The Daily Telegraph
The Cabinet is incapable of the radical thinking needed to help the NHS
sir – Nick Timothy’s assertion (Comment, September 13) that “we need to raise more taxes” to pay for healthcare comes straight from the Old Labour playbook.
Having worked as a consultant in the NHS, I don’t believe that any government has got to grips with public-sector waste and profligacy. Even Margaret Thatcher failed.
It was recently reported that there are more people employed by the health service who have no medical or nursing qualifications than there are doctors and nurses. As a patient, I have found some of the treatment to be exemplary; some less so.
The basic problem with the NHS is that patients are disenfranchised. Radical thinking is required to solve this problem – but nobody in Boris Johnson’s Cabinet is capable of it.
sir – In 1993, when I was managing director of a care home company, the chairman and I were invited to the
House of Commons to speak to a select committee on health.
Our experience in the care home sector had made us aware of the huge problem looming over the Government, caused by an ageing population and the consequent difficulty in finding finance to meet the growing demand for care. It was apparent that the Community Care Act, implemented in April of that year, was going to hinder rather than help.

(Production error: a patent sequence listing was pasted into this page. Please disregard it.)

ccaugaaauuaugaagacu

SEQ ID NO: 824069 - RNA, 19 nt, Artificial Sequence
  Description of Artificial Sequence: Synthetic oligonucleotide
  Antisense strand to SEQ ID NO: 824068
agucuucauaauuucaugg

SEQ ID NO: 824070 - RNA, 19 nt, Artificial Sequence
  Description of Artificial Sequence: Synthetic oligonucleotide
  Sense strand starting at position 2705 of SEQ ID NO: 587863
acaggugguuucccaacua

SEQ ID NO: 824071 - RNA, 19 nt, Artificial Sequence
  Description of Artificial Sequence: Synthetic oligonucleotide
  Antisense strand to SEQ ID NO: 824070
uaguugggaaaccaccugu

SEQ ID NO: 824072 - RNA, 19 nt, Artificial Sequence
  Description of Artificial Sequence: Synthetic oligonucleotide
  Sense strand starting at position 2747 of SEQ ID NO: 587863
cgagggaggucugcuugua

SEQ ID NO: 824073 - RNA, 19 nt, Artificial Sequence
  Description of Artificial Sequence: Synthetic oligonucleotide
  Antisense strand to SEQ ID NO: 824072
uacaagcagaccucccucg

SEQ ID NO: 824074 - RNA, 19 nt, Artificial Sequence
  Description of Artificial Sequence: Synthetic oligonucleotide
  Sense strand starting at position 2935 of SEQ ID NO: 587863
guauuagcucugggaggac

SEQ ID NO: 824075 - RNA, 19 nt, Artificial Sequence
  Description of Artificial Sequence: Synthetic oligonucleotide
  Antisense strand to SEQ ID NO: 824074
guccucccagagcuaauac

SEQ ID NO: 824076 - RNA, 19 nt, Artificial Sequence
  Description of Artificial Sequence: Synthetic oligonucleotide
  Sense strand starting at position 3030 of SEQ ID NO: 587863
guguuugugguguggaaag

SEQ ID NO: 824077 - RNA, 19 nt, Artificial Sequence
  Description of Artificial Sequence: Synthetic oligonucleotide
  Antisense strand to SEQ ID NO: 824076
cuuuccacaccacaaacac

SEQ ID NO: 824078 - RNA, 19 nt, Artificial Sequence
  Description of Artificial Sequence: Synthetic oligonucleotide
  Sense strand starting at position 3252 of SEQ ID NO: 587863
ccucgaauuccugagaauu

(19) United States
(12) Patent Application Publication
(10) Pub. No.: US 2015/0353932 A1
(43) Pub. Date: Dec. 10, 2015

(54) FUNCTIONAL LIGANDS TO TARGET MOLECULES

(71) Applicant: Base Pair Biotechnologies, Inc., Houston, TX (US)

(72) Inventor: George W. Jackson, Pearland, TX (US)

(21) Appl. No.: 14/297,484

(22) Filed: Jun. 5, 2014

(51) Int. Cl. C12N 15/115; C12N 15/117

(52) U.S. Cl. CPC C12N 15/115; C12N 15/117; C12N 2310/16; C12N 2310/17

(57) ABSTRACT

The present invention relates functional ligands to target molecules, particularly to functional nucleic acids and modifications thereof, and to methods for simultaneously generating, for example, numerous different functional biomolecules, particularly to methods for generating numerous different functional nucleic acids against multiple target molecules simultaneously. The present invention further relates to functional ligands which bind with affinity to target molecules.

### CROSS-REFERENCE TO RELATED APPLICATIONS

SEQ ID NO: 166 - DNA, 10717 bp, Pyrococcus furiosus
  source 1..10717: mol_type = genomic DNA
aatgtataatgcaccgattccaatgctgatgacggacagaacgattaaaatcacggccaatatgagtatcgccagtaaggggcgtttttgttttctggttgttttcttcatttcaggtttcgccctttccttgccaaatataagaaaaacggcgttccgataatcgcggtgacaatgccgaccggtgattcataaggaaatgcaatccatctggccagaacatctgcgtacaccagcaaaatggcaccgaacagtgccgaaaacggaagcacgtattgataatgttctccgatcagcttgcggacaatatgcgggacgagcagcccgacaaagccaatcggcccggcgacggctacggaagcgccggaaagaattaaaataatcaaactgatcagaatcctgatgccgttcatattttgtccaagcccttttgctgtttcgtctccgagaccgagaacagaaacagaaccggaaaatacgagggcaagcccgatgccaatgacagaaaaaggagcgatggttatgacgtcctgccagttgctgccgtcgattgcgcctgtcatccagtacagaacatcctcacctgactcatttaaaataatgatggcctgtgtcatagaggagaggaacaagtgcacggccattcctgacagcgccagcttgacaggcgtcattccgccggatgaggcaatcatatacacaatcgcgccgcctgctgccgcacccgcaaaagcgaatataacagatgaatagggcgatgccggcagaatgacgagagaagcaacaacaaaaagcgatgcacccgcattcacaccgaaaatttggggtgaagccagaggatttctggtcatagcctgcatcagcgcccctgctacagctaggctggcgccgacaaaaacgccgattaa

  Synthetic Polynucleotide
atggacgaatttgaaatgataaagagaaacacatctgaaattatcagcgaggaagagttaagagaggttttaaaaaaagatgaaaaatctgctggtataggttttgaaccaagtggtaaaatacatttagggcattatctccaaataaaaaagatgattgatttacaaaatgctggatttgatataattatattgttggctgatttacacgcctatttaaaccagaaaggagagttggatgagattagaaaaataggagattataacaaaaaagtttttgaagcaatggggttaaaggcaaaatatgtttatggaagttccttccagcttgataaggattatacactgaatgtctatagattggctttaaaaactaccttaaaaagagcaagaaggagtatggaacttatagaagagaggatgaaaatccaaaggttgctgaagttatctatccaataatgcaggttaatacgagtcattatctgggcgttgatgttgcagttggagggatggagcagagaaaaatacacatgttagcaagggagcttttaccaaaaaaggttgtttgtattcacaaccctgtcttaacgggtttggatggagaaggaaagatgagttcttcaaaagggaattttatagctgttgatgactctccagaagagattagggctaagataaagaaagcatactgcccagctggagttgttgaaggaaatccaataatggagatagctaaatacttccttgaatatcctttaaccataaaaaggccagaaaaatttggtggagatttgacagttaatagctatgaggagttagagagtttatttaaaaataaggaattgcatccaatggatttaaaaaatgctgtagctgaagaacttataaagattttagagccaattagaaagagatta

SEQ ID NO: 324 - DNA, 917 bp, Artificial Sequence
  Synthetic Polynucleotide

We suggested that a small increase in National Insurance contributions might be taken and ring-fenced for social care. We were laughed out of the meeting. If the idea had at least been considered at the time, we would not be in the dreadful state we are now. Anthea Burdess
sir – Introducing his plans for health and social care on September 7, the Prime Minister said: “Our National Health Service is the pride of the whole United Kingdom.”
As a retired general practitioner who worked for 41 years for the NHS, I do not share his pride. When I was in practice, I frequently felt embarrassed to be part of the NHS: embarrassed that I could not always see patients as soon as I and they would have wished; embarrassed that I could not arrange scans and other complex diagnostic procedures promptly; embarrassed that most of my hospital referrals had to wait months, or sometimes years, to be dealt with; and embarrassed that many other European countries were outperforming Britain in important areas such as cardiovascular disease, cancer treatment and the handling of the Covid-19 pandemic.
There are many talented, dedicated and hard-working clinical staff in the NHS, but their efforts are frequently frustrated by the stifling dysfunctional bureaucracy that goes with a nationalised industry. Until we face up to that reality, we will never have a health service that really meets the needs of the British people.
Dr Tim Cantor Tunbridge Wells, Kent